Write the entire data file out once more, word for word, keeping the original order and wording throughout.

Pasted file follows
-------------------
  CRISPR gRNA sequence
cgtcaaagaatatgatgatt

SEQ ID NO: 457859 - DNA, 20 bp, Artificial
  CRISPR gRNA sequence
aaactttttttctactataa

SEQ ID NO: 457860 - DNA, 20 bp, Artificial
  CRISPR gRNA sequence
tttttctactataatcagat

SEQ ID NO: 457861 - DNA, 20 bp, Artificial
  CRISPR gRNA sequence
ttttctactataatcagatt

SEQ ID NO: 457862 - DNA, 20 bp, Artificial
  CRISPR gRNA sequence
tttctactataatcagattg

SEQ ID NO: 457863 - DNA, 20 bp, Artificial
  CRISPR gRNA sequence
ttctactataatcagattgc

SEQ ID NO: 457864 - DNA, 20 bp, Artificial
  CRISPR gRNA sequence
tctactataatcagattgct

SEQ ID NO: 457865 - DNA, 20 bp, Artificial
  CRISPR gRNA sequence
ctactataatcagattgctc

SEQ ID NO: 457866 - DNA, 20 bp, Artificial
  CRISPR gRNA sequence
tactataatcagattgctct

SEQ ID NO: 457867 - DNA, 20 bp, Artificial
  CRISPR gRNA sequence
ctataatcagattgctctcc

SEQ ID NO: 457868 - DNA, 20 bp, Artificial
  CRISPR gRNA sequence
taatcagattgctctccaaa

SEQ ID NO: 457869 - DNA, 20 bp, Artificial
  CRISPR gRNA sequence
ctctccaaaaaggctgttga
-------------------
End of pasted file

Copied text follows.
  CRISPR gRNA sequence
cgtcaaagaatatgatgatt

SEQ ID NO: 457859 - DNA, 20 bp, Artificial
  CRISPR gRNA sequence
aaactttttttctactataa

SEQ ID NO: 457860 - DNA, 20 bp, Artificial
  CRISPR gRNA sequence
tttttctactataatcagat

SEQ ID NO: 457861 - DNA, 20 bp, Artificial
  CRISPR gRNA sequence
ttttctactataatcagatt

SEQ ID NO: 457862 - DNA, 20 bp, Artificial
  CRISPR gRNA sequence
tttctactataatcagattg

SEQ ID NO: 457863 - DNA, 20 bp, Artificial
  CRISPR gRNA sequence
ttctactataatcagattgc

SEQ ID NO: 457864 - DNA, 20 bp, Artificial
  CRISPR gRNA sequence
tctactataatcagattgct

SEQ ID NO: 457865 - DNA, 20 bp, Artificial
  CRISPR gRNA sequence
ctactataatcagattgctc

SEQ ID NO: 457866 - DNA, 20 bp, Artificial
  CRISPR gRNA sequence
tactataatcagattgctct

SEQ ID NO: 457867 - DNA, 20 bp, Artificial
  CRISPR gRNA sequence
ctataatcagattgctctcc

SEQ ID NO: 457868 - DNA, 20 bp, Artificial
  CRISPR gRNA sequence
taatcagattgctctccaaa

SEQ ID NO: 457869 - DNA, 20 bp, Artificial
  CRISPR gRNA sequence
ctctccaaaaaggctgttga